Help support the WCHA Forums by making a tax-deductible donation!

Skin on Frame Identiy

Discussion in 'Research and History' started by Andy Hutyera, Jul 10, 2021.

  1. Andy Hutyera

    Andy Hutyera The Red Canoe Guy - Life Member

    Just spent the last week at our local church camp teaching twelve campers how to paddle canoes. On the last day we do a river trip on the Tuscarawas river. We use a canoe livery for canoe rental and shuttle. Been doing this for a number of years and gotten to know the owners. They are usually in awe of the w/c canoe I bring for myself. This year the owner had rescued an unusual canoe from the burn pile. Someone wanted to get rid of it and was going to burn it so she spoke up for it. She asked if I could identify it. I had never seen anything quite like it so took some photos to post here. It's a skin on frame and seems to be quite well made and actually, other than dirt, is in pretty decent shape. I did not spot any damage to the wood. The canvas cover is rough and has a few repairable holes and rips. Here are the photos. Comments appreciated.

    P7090487.jpeg P7090488.jpeg P7090489.jpeg P7090490.jpeg P7090491.jpeg P7090492.jpeg P7090493.jpeg
  2. Dave Osborn

    Dave Osborn LIFE MEMBER

    It kinda reminds me of a Trailcraft canoe.
    Popular as kit builds in the 50’s and 60’s.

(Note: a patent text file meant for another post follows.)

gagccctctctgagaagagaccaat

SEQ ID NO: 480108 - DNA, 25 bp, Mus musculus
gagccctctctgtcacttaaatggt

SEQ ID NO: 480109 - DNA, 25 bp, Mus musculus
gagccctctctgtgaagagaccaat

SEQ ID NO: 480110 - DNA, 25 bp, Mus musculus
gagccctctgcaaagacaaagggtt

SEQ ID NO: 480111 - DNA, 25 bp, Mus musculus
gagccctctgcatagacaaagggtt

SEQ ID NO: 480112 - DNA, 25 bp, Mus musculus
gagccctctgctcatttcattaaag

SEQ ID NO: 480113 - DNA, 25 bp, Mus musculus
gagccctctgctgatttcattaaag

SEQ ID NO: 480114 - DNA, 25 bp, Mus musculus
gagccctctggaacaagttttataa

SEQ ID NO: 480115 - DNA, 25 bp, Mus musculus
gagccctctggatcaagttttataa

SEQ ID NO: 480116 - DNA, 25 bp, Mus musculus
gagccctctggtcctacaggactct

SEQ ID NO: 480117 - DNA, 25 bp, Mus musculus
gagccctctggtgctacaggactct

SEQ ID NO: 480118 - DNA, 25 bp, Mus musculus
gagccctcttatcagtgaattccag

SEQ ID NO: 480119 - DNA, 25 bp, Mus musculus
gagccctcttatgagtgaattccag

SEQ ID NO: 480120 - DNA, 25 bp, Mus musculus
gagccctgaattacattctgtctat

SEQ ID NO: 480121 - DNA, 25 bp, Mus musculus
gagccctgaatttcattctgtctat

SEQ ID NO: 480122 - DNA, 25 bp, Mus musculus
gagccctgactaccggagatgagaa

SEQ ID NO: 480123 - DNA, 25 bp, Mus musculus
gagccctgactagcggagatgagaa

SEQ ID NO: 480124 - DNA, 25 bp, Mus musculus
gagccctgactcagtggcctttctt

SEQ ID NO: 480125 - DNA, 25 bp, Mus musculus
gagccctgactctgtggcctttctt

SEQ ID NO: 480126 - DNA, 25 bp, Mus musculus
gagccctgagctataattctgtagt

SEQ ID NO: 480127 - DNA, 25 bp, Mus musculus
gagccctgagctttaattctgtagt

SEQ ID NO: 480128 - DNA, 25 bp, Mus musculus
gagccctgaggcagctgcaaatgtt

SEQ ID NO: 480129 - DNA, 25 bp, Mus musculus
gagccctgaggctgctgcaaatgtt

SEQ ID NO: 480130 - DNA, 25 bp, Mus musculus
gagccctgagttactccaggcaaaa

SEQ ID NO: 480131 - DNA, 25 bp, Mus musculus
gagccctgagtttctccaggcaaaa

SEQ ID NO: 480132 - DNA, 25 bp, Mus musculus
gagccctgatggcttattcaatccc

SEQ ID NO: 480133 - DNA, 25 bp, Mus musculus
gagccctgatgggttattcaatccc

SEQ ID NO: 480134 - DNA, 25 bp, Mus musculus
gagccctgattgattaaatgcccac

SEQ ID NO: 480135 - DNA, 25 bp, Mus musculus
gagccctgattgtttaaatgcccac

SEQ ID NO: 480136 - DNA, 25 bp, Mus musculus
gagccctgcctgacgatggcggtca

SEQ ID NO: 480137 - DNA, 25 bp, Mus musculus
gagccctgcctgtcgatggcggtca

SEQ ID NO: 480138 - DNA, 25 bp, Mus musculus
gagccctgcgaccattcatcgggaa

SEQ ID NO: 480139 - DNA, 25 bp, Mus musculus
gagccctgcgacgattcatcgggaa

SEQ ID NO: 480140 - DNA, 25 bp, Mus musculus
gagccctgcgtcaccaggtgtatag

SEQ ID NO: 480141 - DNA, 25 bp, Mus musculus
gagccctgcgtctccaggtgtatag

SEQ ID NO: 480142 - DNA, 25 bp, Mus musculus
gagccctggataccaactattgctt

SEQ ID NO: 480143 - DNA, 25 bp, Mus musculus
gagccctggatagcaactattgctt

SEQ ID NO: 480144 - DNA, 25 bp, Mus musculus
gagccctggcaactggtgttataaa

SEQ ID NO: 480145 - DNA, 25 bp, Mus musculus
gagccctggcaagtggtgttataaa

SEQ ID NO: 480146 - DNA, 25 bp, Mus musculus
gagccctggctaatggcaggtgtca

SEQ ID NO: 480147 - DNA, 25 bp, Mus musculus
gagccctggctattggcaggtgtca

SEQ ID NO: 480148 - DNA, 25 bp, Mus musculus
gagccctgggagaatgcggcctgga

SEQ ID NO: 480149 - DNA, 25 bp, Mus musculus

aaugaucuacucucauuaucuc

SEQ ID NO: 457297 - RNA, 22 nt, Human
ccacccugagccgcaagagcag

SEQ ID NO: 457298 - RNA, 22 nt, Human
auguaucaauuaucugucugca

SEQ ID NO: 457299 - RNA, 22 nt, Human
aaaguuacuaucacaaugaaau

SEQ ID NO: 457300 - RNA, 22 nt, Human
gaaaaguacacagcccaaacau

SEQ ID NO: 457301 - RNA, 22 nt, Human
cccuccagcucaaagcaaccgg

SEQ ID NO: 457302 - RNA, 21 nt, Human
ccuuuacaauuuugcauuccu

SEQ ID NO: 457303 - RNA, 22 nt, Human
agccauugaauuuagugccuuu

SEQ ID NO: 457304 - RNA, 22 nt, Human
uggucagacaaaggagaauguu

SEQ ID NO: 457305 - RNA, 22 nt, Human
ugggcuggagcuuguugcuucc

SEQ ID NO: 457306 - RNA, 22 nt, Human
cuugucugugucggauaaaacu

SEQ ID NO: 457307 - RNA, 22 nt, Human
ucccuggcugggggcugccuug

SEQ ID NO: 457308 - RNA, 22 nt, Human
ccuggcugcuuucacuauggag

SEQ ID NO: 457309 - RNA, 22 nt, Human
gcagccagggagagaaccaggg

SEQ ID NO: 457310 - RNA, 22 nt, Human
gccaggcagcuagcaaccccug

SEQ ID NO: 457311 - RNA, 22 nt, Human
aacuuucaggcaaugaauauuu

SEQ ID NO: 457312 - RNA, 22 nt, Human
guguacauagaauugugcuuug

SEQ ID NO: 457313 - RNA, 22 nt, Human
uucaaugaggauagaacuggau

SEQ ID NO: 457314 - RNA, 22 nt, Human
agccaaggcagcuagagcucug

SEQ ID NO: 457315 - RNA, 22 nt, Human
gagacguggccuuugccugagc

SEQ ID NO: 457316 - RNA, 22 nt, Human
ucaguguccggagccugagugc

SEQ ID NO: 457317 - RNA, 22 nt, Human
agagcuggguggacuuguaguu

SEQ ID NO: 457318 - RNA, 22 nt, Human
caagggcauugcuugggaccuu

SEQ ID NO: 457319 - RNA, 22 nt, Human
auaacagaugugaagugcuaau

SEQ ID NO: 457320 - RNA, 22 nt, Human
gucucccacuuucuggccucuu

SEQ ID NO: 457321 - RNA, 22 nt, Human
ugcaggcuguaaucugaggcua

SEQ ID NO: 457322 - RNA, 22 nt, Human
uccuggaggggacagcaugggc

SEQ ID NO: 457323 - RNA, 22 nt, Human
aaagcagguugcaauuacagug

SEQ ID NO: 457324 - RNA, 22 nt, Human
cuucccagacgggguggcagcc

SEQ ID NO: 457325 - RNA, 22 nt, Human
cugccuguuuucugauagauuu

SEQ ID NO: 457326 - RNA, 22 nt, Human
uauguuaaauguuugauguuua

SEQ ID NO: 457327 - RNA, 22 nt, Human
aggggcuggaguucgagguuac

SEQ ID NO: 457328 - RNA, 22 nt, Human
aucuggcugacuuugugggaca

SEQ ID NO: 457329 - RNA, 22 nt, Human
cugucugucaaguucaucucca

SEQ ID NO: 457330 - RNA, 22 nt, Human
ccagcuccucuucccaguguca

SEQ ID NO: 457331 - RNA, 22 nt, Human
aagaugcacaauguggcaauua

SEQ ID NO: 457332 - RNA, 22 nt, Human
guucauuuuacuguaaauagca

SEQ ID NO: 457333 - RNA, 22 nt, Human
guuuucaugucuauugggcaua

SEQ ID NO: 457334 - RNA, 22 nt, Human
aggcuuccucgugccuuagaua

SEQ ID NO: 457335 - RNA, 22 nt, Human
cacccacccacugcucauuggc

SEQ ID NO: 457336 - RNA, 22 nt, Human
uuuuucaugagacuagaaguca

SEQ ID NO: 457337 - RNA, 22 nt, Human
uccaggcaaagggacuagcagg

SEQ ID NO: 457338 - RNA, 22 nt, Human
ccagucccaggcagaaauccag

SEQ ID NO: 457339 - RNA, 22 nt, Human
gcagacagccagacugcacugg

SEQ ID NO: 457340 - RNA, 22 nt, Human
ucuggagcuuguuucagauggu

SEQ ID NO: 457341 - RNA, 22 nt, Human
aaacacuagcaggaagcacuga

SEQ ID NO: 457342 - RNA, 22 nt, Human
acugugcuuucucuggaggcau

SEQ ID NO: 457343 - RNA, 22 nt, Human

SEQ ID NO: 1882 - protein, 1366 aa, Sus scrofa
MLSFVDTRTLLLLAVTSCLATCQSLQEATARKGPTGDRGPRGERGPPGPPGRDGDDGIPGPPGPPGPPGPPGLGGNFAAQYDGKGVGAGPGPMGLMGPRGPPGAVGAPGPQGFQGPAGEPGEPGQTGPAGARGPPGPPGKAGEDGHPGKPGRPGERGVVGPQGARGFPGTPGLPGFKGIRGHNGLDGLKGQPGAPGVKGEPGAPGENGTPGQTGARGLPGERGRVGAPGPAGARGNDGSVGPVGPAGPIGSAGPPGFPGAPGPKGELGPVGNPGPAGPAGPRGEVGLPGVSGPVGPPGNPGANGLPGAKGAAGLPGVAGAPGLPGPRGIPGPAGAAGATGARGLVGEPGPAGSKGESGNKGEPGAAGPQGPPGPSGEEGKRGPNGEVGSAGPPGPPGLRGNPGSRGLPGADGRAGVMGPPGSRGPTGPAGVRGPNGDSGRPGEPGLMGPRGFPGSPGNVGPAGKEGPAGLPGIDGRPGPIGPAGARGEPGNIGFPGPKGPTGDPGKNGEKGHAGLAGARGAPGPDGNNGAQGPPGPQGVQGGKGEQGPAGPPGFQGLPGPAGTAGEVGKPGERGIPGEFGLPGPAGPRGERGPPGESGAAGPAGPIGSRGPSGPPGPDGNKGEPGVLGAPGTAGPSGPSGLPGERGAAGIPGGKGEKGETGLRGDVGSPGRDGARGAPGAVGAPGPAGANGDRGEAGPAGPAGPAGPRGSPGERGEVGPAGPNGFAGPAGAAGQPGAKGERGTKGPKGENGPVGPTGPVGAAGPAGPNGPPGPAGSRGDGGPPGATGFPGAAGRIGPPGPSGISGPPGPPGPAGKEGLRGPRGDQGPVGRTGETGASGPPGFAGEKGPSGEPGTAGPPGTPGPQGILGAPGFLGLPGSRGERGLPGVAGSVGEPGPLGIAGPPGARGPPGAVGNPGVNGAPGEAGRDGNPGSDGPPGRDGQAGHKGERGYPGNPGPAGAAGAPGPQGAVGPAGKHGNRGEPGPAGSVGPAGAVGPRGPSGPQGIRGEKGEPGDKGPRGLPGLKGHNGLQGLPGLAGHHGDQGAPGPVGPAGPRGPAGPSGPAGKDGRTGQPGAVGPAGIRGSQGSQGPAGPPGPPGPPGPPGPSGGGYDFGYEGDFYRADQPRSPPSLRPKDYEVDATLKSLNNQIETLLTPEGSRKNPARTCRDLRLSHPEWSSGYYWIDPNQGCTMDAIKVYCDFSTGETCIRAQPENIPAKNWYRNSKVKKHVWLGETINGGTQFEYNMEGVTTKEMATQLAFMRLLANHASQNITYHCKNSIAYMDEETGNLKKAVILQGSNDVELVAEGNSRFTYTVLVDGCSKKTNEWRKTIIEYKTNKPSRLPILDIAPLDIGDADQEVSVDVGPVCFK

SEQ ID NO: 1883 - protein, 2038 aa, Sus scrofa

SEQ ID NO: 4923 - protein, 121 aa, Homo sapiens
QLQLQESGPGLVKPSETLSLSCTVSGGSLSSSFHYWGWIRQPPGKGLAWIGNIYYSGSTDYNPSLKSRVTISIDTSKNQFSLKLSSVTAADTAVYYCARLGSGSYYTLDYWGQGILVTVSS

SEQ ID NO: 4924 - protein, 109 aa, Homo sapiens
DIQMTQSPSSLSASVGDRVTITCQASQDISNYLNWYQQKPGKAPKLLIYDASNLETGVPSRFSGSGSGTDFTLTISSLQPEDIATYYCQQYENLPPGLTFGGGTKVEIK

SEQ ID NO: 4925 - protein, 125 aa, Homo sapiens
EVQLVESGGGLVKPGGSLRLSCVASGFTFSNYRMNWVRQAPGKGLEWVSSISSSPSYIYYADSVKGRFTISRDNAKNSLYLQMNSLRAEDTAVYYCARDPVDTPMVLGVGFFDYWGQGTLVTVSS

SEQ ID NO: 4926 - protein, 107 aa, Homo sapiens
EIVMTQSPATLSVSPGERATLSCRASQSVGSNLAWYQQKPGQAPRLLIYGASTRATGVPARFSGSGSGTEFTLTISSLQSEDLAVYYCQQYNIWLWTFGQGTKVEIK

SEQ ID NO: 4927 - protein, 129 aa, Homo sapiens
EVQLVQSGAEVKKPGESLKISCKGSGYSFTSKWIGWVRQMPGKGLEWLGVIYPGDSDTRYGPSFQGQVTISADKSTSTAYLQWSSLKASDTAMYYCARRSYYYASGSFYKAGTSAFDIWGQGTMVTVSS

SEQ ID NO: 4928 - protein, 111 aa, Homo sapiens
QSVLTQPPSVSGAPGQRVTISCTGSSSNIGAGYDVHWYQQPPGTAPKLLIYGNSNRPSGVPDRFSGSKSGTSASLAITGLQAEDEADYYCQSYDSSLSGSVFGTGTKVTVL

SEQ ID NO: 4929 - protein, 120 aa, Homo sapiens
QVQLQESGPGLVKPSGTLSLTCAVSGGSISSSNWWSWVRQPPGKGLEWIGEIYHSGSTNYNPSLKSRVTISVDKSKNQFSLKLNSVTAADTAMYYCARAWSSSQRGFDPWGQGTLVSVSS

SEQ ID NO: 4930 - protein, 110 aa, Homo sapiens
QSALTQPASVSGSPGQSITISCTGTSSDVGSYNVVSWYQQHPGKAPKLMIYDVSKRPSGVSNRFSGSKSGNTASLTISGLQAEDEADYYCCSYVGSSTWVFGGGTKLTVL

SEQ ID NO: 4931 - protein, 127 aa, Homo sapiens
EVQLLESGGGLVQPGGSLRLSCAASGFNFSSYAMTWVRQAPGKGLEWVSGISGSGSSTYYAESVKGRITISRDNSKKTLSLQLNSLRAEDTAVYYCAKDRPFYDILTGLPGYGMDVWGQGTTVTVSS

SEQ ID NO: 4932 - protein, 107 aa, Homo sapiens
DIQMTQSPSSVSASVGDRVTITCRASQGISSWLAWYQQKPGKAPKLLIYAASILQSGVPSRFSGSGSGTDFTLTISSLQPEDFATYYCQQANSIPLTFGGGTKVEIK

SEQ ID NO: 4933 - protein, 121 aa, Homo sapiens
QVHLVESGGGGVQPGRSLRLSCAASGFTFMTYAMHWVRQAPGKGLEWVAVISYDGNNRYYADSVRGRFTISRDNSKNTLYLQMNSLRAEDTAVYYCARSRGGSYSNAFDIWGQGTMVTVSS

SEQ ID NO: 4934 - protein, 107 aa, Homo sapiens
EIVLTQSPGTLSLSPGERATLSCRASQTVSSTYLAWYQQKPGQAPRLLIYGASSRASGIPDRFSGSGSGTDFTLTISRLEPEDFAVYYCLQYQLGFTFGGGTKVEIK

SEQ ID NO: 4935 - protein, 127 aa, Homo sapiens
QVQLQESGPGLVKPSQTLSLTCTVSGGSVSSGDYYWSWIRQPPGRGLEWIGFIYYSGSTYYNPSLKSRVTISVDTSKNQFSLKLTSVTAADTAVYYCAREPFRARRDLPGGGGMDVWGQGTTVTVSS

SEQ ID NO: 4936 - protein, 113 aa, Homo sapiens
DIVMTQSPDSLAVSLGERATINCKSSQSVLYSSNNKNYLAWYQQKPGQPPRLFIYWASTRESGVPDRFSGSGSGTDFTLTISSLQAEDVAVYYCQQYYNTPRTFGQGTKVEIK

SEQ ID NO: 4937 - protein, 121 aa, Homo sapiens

It may be a different brand, but is along those lines as a kit canoe.
  3. OP
    Andy Hutyera

    Andy Hutyera The Red Canoe Guy - Life Member

    I believe you are correct. Found some info on the web and one that was sold almost identical except it had a transom. Whoever built this one did a very respectable job on the frame.

    Thanks for the tip!
  4. Greg Nolan

    Greg Nolan enthusiast

    Maybe a kit canoe in the OP, but definitely not a Trailcraft, which had one-piece frames (or ribs) sawn from plywood resulting in a rounded hull with a bit of tumblehome, with numerous stringers running the length of the sides and bottom of hull, and with no space between the inwales and outwales, which clamped the canvas between them. The boat in the OP is flat-bottomed, straight-sided, with very hard chines, with one or two stringers on the side of the hull and apparently only one on the bottom, and with an odd gunwale setup -- two rails apparently clamping the canvas, the another inwale widely separated from the others. sr02.JPG sr09.JPG trail craft 001.jpg Scan_20180125 trailcraft.jpg Scan cr_20180125 (2) trail.jpg
  5. OP
    Andy Hutyera

    Andy Hutyera The Red Canoe Guy - Life Member

Share This Page